So the more time I spend with the management team, the more energized I am. I really get a kick out of coming to work. And if you promise not to tell the Compensation Committee, I can't believe they're actually paying me to do this, okay. I like this stuff. This is what I like. This is my choice. Years ago, and I mean years ago, I used to be a competitive swimmer. I know you're not going to believe that, but I really was, okay, and I was pretty good. I actually swam here one in New York City teams and we were a championship team several years and I miss that competitive spirit. Frankly, if I had any talent in golf, I would not be here today, but I don't. And with a 40 handicap and you know how bad that is, this is what I do, this is what I enjoy and I enjoy being around this management team.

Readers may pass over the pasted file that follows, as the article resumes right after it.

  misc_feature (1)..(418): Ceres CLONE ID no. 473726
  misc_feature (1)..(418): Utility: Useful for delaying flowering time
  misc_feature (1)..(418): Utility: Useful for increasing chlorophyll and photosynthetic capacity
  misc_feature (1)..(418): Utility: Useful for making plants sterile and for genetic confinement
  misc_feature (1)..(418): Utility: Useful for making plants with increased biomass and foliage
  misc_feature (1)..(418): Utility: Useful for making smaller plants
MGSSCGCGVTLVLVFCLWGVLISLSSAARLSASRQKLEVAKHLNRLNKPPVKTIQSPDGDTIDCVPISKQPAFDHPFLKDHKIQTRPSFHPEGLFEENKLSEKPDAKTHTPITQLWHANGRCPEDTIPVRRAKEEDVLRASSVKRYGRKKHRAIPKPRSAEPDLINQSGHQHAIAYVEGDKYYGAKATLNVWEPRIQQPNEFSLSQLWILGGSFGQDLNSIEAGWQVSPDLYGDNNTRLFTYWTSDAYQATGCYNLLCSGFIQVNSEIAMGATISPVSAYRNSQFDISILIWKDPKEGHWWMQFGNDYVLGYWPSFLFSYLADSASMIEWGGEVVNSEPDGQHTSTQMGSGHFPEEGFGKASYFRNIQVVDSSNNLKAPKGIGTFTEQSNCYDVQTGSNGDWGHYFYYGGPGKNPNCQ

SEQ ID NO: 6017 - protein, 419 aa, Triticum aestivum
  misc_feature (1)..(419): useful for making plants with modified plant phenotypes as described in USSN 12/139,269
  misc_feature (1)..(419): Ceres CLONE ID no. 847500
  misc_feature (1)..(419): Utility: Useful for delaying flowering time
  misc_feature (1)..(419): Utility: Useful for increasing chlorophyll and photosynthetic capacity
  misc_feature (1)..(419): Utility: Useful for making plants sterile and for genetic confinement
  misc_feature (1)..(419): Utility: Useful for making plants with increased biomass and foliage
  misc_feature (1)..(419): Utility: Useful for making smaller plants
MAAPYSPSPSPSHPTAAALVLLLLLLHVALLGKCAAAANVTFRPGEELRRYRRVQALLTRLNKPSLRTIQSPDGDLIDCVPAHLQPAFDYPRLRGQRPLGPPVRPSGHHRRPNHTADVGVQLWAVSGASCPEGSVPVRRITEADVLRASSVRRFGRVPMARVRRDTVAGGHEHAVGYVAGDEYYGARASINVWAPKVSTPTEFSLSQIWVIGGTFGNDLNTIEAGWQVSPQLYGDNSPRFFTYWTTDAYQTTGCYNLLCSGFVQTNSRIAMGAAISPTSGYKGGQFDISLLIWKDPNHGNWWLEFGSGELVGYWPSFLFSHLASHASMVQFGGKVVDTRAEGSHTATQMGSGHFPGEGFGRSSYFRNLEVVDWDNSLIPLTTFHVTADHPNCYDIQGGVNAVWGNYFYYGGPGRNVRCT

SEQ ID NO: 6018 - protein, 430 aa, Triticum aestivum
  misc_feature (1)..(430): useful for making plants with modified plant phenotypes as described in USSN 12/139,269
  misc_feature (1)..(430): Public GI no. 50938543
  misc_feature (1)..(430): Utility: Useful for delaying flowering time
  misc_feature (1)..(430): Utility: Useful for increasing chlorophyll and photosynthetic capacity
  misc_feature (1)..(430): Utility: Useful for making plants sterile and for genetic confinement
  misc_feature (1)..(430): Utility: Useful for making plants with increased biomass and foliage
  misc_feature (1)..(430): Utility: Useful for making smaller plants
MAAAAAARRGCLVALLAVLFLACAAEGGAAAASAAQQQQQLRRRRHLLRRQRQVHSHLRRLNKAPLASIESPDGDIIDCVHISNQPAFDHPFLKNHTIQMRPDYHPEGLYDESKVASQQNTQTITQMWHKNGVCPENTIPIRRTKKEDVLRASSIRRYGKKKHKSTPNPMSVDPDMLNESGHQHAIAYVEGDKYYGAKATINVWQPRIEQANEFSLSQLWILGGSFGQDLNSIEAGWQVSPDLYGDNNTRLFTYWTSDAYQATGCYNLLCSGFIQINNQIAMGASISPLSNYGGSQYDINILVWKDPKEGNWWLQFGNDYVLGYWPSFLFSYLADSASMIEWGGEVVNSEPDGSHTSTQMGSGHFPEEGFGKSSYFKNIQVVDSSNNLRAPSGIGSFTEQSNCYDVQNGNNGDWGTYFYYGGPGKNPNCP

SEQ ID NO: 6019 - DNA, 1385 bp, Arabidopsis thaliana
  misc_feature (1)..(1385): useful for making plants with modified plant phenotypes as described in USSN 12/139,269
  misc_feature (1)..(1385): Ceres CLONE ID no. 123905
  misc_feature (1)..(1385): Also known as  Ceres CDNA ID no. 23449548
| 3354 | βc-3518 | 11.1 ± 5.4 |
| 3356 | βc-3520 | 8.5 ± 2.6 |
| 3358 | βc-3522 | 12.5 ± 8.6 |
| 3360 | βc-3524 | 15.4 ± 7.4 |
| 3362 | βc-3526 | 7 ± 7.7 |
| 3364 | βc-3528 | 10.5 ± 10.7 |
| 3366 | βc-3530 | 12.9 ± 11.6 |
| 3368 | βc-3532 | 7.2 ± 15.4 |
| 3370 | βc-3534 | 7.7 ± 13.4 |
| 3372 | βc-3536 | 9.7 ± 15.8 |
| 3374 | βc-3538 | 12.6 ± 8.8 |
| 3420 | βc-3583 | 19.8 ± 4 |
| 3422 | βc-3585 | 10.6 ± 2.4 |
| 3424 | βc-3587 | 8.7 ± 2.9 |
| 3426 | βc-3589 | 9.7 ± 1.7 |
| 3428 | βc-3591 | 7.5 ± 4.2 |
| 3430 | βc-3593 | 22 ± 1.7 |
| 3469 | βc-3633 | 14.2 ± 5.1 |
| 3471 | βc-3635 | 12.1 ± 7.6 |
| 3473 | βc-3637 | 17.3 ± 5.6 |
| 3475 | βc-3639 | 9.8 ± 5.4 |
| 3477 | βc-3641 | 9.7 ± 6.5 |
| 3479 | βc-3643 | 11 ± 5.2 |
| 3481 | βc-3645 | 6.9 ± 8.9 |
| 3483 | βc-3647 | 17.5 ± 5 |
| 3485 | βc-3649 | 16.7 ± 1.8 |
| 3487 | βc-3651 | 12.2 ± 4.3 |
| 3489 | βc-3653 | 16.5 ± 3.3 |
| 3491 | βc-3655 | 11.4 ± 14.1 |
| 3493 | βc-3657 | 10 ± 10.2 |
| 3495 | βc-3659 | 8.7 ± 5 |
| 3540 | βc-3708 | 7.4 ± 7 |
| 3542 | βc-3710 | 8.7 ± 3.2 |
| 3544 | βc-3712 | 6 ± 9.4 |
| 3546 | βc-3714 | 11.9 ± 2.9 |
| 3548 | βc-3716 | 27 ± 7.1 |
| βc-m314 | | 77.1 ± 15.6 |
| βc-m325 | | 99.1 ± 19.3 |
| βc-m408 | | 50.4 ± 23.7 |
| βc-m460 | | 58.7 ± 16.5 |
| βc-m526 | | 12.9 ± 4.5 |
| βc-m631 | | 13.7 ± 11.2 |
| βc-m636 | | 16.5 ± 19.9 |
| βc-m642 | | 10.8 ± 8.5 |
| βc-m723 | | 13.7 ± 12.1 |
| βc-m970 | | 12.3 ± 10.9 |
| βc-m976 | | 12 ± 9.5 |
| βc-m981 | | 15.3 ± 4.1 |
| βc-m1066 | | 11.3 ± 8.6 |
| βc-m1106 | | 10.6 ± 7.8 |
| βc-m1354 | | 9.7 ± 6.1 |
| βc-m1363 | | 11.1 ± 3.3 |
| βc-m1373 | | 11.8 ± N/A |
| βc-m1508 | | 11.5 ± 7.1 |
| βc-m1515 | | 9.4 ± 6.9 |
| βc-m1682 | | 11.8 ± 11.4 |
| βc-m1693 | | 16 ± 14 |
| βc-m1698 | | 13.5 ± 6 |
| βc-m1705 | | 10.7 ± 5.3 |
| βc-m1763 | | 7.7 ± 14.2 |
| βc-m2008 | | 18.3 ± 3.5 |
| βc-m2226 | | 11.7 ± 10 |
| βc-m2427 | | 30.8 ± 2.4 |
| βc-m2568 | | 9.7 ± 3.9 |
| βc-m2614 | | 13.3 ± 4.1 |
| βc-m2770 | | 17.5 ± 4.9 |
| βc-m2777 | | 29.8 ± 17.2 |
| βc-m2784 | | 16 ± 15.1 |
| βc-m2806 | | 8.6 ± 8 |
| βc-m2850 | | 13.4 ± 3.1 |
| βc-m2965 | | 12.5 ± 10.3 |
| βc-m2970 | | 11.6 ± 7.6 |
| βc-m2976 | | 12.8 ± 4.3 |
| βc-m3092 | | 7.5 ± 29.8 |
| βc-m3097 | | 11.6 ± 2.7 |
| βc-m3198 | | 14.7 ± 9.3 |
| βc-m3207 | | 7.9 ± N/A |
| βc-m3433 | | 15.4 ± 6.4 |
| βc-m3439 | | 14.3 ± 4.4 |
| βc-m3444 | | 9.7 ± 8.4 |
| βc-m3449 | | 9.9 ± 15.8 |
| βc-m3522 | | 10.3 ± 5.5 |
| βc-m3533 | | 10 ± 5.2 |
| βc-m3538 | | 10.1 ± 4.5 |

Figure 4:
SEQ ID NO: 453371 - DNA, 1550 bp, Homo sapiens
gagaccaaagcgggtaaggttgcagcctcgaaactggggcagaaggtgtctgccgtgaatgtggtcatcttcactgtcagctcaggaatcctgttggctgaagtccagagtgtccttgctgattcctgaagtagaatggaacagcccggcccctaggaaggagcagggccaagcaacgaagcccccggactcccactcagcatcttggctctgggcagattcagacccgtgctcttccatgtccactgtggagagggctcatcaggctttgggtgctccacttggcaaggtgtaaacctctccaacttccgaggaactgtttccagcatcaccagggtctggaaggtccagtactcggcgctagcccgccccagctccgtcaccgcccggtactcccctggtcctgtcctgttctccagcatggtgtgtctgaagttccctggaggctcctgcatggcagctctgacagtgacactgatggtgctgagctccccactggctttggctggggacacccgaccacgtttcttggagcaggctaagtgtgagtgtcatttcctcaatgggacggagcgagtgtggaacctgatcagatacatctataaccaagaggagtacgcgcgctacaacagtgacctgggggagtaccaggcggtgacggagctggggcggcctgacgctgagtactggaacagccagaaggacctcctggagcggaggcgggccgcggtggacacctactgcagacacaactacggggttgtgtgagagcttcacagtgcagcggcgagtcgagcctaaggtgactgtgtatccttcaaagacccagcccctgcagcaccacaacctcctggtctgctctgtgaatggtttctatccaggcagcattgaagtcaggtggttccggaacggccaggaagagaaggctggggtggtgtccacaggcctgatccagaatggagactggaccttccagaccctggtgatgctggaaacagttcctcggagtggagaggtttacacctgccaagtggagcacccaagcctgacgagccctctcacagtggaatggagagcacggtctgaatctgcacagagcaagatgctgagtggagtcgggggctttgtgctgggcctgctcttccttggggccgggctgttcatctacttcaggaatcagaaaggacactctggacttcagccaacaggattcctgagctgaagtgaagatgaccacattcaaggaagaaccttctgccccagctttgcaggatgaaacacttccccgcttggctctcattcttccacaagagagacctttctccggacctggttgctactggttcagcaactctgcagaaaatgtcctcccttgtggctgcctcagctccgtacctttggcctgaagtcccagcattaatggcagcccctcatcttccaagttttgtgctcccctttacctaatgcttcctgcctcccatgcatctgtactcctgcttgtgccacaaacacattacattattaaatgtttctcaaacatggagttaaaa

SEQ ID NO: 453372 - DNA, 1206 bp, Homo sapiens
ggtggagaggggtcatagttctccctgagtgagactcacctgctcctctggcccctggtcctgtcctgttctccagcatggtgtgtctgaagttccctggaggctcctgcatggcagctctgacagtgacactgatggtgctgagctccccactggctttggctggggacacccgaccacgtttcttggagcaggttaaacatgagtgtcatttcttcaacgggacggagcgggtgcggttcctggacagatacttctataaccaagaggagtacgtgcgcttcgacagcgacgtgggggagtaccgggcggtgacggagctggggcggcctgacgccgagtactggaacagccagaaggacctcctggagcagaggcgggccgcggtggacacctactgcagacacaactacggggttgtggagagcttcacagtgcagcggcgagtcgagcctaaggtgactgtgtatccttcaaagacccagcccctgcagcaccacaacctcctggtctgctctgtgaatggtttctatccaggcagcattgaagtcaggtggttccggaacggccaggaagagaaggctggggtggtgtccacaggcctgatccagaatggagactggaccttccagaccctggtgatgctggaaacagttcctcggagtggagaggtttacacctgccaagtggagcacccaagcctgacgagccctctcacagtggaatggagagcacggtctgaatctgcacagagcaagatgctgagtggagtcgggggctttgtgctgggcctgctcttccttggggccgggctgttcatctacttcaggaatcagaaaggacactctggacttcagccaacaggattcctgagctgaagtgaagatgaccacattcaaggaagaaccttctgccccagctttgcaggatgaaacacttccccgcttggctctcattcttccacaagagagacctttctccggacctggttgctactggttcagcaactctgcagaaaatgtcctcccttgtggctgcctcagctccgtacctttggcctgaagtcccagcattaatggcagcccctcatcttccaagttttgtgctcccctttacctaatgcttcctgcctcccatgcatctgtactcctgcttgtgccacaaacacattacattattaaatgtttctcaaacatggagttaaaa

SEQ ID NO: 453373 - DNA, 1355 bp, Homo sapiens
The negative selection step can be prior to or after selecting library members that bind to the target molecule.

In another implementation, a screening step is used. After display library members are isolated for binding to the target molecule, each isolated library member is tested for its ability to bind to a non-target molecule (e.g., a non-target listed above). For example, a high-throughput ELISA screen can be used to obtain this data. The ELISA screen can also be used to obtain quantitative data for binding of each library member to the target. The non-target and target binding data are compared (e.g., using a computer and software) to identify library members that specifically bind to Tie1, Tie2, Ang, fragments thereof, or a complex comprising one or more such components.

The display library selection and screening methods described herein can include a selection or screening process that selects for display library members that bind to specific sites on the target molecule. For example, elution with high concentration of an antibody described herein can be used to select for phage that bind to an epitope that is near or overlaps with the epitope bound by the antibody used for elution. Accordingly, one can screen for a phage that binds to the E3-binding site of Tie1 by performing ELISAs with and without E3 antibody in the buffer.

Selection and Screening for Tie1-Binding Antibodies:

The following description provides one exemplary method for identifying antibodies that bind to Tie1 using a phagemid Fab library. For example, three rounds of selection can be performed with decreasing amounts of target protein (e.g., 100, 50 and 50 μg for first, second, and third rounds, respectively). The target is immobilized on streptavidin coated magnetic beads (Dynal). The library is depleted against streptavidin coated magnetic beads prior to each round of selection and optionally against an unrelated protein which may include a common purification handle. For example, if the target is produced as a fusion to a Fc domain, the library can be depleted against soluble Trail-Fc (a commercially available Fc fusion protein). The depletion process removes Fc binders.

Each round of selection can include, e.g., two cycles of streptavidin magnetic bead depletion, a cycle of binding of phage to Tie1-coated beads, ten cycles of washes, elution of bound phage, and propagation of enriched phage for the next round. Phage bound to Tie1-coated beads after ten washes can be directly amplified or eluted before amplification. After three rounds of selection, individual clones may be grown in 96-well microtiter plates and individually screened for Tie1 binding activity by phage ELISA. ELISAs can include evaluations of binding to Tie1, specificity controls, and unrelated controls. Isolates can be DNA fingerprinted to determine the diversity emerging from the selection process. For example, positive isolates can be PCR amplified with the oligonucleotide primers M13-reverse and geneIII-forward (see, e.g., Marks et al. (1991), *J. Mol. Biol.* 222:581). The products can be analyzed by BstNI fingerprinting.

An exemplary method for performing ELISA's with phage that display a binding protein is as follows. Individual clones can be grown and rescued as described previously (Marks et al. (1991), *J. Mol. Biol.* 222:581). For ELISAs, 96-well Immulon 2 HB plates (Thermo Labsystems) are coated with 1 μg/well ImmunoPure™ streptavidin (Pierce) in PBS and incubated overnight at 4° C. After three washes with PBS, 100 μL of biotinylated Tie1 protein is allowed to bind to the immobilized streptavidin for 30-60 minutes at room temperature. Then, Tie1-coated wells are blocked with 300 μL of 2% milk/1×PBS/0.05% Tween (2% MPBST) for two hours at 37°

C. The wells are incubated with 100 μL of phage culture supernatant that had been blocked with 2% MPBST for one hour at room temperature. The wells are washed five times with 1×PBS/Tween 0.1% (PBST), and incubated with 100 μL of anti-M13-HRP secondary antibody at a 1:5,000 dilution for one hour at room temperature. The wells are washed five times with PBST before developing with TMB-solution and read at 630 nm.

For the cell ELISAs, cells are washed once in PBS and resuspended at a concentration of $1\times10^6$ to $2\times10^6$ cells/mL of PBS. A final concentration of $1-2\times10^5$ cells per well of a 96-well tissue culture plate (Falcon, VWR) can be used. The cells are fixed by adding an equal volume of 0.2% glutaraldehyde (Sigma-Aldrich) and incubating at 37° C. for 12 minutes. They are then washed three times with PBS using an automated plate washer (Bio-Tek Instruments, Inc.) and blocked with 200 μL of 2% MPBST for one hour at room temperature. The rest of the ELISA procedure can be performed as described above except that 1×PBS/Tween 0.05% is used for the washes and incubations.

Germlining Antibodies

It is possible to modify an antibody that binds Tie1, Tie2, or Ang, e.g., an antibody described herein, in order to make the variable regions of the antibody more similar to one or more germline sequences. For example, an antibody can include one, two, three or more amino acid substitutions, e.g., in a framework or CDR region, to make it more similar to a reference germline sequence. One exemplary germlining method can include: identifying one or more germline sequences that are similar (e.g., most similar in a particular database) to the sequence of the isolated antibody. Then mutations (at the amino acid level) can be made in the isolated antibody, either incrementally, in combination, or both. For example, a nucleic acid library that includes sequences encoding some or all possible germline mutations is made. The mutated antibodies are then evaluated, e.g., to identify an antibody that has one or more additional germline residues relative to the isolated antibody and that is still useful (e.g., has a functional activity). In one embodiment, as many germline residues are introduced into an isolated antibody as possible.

So let me summarize this inside baseball thought process here and bring it down to maybe 3 simple reasons that's why I joined Encore. Number one, I think the ultimate challenge of any leader is to help keep a great company great. That is very difficult. You can go out and look at some of the great companies. You can look at CEO transitions of the most accomplished CEOs coming in and those that were accomplished going out, that is a very, very hard thing to do. I want to see if I can do that. I think keeping Encore great as we move into the future is a wonderful challenge to have. Second, you just know, it's the best way I can say it. You just know, it's a feeling. I like what I heard from the management team. I like what I heard from the board. I like walking around in the company. It was just a feeling that made me say this is right and after 30-plus years, you do get an intuitive gut, my gut said this is a place to come to. And lastly, there is a financial aspect to this, and the financial aspect is I think the company can continue to grow 15-plus percent or greater in EPS going out in the future. And if we do that, we will close the valuation gap and we will hopefully raise our P/E multiple.